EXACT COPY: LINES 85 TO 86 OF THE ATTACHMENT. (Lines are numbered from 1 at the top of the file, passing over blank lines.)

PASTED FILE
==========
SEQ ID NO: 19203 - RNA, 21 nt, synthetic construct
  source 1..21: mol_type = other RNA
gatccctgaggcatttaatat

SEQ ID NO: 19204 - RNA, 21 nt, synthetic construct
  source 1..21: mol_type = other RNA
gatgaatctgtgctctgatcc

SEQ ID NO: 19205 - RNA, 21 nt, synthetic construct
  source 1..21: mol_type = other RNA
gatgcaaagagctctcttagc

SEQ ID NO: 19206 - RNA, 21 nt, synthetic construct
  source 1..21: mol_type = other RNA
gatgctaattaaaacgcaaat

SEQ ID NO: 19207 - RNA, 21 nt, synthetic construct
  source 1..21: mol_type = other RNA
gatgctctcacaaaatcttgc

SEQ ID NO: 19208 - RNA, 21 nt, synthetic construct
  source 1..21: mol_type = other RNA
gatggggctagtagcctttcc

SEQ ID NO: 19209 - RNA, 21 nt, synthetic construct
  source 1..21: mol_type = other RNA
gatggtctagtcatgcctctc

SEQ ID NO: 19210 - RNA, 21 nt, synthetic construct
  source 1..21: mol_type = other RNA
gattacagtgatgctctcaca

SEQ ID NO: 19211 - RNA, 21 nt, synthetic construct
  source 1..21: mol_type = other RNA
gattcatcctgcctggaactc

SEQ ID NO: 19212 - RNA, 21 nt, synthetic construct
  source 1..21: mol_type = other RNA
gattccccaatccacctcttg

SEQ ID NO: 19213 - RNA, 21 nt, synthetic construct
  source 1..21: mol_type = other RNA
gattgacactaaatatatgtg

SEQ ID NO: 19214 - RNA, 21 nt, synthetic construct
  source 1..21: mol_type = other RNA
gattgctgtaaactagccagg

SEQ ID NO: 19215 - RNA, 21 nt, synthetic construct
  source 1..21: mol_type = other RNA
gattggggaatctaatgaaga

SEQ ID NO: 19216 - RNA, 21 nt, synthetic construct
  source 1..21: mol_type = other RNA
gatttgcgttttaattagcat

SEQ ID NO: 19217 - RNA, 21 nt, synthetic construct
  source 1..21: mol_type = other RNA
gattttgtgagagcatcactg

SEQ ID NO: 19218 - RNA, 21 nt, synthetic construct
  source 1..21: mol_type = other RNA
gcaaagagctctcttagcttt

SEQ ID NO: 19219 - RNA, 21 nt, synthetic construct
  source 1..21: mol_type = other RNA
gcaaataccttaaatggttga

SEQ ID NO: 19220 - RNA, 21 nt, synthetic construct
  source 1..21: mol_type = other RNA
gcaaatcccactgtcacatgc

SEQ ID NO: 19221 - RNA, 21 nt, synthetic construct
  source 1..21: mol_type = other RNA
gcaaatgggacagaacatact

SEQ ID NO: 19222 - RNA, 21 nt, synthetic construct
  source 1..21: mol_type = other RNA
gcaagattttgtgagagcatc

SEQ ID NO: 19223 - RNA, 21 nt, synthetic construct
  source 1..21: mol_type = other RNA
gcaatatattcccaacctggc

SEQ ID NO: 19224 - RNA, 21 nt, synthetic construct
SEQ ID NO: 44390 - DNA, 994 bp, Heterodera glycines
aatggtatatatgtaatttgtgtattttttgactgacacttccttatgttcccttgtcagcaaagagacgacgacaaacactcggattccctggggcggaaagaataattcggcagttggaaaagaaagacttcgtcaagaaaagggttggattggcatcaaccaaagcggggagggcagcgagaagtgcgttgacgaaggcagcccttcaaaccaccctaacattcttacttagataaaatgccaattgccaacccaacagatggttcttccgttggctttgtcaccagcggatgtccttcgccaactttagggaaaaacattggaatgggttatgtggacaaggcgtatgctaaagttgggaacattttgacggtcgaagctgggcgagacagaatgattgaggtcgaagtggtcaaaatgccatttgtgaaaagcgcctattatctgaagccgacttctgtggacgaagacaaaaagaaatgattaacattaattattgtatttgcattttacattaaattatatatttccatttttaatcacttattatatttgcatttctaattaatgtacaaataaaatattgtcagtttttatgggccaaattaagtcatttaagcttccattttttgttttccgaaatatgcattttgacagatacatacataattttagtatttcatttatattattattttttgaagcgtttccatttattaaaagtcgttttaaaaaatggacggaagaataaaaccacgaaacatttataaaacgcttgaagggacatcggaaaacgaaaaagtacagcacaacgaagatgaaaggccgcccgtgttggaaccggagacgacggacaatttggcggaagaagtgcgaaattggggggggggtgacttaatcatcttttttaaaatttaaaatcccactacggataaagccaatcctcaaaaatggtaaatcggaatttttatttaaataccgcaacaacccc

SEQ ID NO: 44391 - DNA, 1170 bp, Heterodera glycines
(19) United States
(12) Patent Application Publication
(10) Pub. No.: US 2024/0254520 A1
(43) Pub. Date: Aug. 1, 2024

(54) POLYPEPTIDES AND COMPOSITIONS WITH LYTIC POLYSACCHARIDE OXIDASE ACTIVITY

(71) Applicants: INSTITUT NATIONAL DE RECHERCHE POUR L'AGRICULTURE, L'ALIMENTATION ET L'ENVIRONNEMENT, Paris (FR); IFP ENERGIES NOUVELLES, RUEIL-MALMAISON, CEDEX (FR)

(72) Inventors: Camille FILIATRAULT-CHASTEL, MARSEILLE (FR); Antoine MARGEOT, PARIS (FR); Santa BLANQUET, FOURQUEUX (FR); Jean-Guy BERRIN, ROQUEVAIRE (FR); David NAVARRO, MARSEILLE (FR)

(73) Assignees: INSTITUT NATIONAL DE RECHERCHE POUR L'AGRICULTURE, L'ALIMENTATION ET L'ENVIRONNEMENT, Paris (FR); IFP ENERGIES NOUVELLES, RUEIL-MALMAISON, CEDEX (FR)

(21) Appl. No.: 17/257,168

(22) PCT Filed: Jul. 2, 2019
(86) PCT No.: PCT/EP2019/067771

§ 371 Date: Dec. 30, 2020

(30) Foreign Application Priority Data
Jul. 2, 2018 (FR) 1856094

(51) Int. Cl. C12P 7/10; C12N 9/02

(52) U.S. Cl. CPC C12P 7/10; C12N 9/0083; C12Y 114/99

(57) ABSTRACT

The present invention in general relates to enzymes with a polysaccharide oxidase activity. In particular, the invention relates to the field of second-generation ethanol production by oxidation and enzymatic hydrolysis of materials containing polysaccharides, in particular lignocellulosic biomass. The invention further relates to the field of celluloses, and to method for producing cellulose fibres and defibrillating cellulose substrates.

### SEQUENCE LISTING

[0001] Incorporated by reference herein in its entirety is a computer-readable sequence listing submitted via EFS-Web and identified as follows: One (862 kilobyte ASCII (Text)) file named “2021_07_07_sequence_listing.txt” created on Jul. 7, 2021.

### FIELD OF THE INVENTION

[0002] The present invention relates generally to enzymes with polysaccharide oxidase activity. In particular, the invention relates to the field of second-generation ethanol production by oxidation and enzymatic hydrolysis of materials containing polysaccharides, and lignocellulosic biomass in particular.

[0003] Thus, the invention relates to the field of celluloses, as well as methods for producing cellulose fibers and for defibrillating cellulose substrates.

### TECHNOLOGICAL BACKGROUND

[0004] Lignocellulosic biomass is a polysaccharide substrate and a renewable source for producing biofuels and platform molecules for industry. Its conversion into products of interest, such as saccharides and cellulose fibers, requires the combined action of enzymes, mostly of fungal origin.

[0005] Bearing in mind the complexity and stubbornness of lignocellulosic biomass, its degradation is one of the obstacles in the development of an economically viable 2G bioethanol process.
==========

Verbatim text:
The present invention in general relates to enzymes with a polysaccharide oxidase activity. In particular, the invention relates to the field of second-generation ethanol production by oxidation and enzymatic hydrolysis of materials containing polysaccharides, in particular lignocellulosic biomass. The invention further relates to the field of celluloses, and to method for producing cellulose fibres and defibrillating cellulose substrates.

### SEQUENCE LISTING